Brian Morris

co-Host Morning Edition, Reporter

Brian Morris began working with WCAI in 2005 as an independent reporter/producer, and joined the staff full time in December, 2013. He has contributed to the station's “Creative Life” series, produced the “Nautical Minutes” series of :60 vignettes about nautical life on the Cape and Islands, reported on South Coast issues, and provided field production support for "The Point." He is co-host of WCAI's Morning Edition.

Ways to Connect

Cape Cod Times

WCAI's Brian Morris hosts the Weekly News Roundup, a look at some of the top stories of the week.

File photo, Flickr

Carlos Rafael, a New Bedford-based fisherman who owned, operated and controlled much of the region’s fishing fleet, pleaded guilty to dozens of federal fraud, conspiracy and tax evasion charges Thursday. The fishing mogul now faces up to 6-and-a-half years in prison.

Around New Bedford, Rafael is known as the ‘Codfather.’ The 64-year-old Portuguese immigrant built a remarkable business, with more than 40 boats at his disposal. His business was so robust, Rafael was allowed to catch about 25 percent of all of the fish New England’s fishermen may bring ashore each season.

Brian Morris/WCAI

Commercial fishing is one of the most dangerous professions in America. Consider this statistic: in the ten years from 2000 to 2010, 170 commercial fishermen in the U.S. lost their lives by falling overboard. To help reduce the number of fatalities in our region, a safety and survival training program is going on, designed to teach fishermen what to do during emergencies on their vessels. 

Cape Cod Commercial Fishermen's Alliance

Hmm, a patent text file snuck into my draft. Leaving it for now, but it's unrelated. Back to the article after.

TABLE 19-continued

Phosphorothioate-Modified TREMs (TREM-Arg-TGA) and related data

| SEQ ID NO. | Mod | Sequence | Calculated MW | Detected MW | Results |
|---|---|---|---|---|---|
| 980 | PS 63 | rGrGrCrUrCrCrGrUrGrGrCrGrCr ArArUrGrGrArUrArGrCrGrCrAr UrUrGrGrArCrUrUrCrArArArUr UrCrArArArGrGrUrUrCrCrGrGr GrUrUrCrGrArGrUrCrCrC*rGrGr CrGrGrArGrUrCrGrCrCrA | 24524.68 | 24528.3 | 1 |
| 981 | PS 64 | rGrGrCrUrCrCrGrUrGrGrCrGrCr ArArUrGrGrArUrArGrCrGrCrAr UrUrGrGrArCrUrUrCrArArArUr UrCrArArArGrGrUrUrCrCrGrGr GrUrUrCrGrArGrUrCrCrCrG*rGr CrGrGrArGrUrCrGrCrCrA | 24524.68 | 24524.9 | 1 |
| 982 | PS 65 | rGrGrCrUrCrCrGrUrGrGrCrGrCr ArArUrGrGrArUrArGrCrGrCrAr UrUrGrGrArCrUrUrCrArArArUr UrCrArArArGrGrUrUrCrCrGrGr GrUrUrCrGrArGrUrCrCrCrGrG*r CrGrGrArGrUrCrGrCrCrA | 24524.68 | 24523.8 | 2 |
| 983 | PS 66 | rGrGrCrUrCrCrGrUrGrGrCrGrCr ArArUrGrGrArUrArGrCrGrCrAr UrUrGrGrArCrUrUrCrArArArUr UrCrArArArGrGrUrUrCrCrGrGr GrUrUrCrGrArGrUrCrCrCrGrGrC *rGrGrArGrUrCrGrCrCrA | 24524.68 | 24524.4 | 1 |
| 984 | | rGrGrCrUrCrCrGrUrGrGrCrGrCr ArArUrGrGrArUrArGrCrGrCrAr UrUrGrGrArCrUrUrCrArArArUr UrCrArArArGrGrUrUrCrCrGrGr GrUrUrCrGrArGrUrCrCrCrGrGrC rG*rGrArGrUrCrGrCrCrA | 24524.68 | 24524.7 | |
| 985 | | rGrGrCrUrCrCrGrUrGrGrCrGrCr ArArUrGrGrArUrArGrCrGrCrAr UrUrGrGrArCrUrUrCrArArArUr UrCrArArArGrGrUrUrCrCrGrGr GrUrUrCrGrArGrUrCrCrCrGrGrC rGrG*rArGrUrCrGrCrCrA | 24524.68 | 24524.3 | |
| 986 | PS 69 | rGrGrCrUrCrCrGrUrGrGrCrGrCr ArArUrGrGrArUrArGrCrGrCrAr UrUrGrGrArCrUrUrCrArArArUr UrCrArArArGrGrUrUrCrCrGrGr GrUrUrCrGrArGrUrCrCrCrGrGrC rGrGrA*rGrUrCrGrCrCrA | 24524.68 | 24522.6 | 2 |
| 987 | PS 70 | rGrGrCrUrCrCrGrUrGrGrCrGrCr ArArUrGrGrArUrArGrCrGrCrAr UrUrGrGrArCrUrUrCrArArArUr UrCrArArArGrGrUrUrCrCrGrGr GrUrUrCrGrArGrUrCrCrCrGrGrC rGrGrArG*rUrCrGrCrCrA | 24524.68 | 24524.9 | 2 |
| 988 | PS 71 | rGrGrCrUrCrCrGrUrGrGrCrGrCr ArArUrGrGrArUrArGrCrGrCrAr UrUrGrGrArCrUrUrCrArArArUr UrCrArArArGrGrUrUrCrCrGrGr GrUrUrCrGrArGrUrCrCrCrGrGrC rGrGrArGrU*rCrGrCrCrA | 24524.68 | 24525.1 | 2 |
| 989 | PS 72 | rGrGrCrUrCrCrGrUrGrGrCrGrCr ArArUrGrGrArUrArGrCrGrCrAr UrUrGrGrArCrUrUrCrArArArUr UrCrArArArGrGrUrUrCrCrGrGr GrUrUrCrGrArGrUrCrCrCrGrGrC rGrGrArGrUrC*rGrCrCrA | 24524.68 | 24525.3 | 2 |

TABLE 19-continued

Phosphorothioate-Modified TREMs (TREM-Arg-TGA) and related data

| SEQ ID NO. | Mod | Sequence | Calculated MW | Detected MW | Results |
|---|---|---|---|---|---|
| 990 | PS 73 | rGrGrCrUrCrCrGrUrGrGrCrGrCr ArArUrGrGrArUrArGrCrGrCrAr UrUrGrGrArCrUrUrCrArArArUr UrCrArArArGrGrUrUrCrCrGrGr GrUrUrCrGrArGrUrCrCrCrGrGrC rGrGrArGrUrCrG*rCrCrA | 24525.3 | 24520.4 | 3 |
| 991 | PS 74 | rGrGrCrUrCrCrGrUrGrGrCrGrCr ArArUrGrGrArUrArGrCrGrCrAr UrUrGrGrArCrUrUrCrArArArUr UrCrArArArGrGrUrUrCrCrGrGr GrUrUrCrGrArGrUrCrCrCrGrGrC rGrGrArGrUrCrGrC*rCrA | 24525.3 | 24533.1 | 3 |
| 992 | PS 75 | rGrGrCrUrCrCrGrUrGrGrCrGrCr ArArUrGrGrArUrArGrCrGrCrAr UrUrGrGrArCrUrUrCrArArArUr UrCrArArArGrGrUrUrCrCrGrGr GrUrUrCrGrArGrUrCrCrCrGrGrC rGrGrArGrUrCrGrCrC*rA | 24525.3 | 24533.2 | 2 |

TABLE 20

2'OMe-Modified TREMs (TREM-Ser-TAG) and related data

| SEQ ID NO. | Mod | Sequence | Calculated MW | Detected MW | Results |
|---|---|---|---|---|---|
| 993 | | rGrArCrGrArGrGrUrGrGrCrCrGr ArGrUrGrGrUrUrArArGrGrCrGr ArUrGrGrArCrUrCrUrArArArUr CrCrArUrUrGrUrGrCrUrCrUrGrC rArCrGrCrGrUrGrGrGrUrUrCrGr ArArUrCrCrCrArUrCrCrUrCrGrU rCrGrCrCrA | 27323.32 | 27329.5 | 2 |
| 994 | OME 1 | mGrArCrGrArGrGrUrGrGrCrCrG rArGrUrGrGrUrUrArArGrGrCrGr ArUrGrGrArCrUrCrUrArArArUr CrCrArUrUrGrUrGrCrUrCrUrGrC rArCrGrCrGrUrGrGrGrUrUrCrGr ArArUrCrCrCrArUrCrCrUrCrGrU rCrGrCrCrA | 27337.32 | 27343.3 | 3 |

The Cape Cod Commercial Fishermen’s Alliance is launching an effort this summer to try to get consumers to develop a taste for two under-appreciated fish species.

Whitfield-Manjiro Friendship Society

In 1841, a 14-year old Japanese boy named Manjiro and four others set out on a fishing trip. After getting caught in a fierce storm, their boat lost its mast, stranding the boys on a remote island where they survived – barely – for six months.

Chatham Historical Society

In May, 1915, a German U-boat sank the ocean liner Lusitania, killing almost 1,200 people and causing great alarm throughout the U-S shipping industry, where vessels were suddenly vulnerable up and down the Atlantic seaboard. The government responded by setting up a series of air stations along the east coast to defend against the growing threat. One of these facilities was built on a flat, 20-acre site in North Chatham.

New Bedford Whaling Museum

The 19th century was a time of numerous rebellions in Ireland, most of them unsuccessful. Many Irish rebels were taken prisoner and sent by their British captors to the notoriously squalid Fremantle Prison in Australia – a fate regarded as essentially a death sentence.

Dan Tritle

WCAI's Brian Morris talks to local journalists about some of the top news stories of the week.  His guests include Cynthia McCormick of the Cape Cod Times; Sara Brown with the Vineyard Gazette; Tim Wood of the Cape Cod Chronicle; Josh Balling of the Nantucket Inquirer and Mirror; Ed Miller from the Provincetown Banner; Jim DeArruda of the New Bedford Standard Times; and Barry Stringfellow of the Martha's Vineyard Times.

The unemployment rate in New Bedford fell dramatically last year – down nearly 3 percentage points from 6.5 to 3.7 percent. It’s the largest unemployment decline among 387 metropolitan areas in the U-S over the past year. 

Morning Edition co-host Brian Morris spoke with New Bedford Mayor Jon Mitchell to talk about what the new statistic means, and how the city hopes to sustain that momentum going forward.

Until recently, teens on the South Coast needing mental health support had to drive more than 40 miles for services. Now, a new 24-bed mental health facility in Dartmouth is providing much-needed support for teens aged 13 to 17. Brian Morris speaks with Kevin Birchill, Chief Executive Officer at South Coast Behavioral Health, to learn more.

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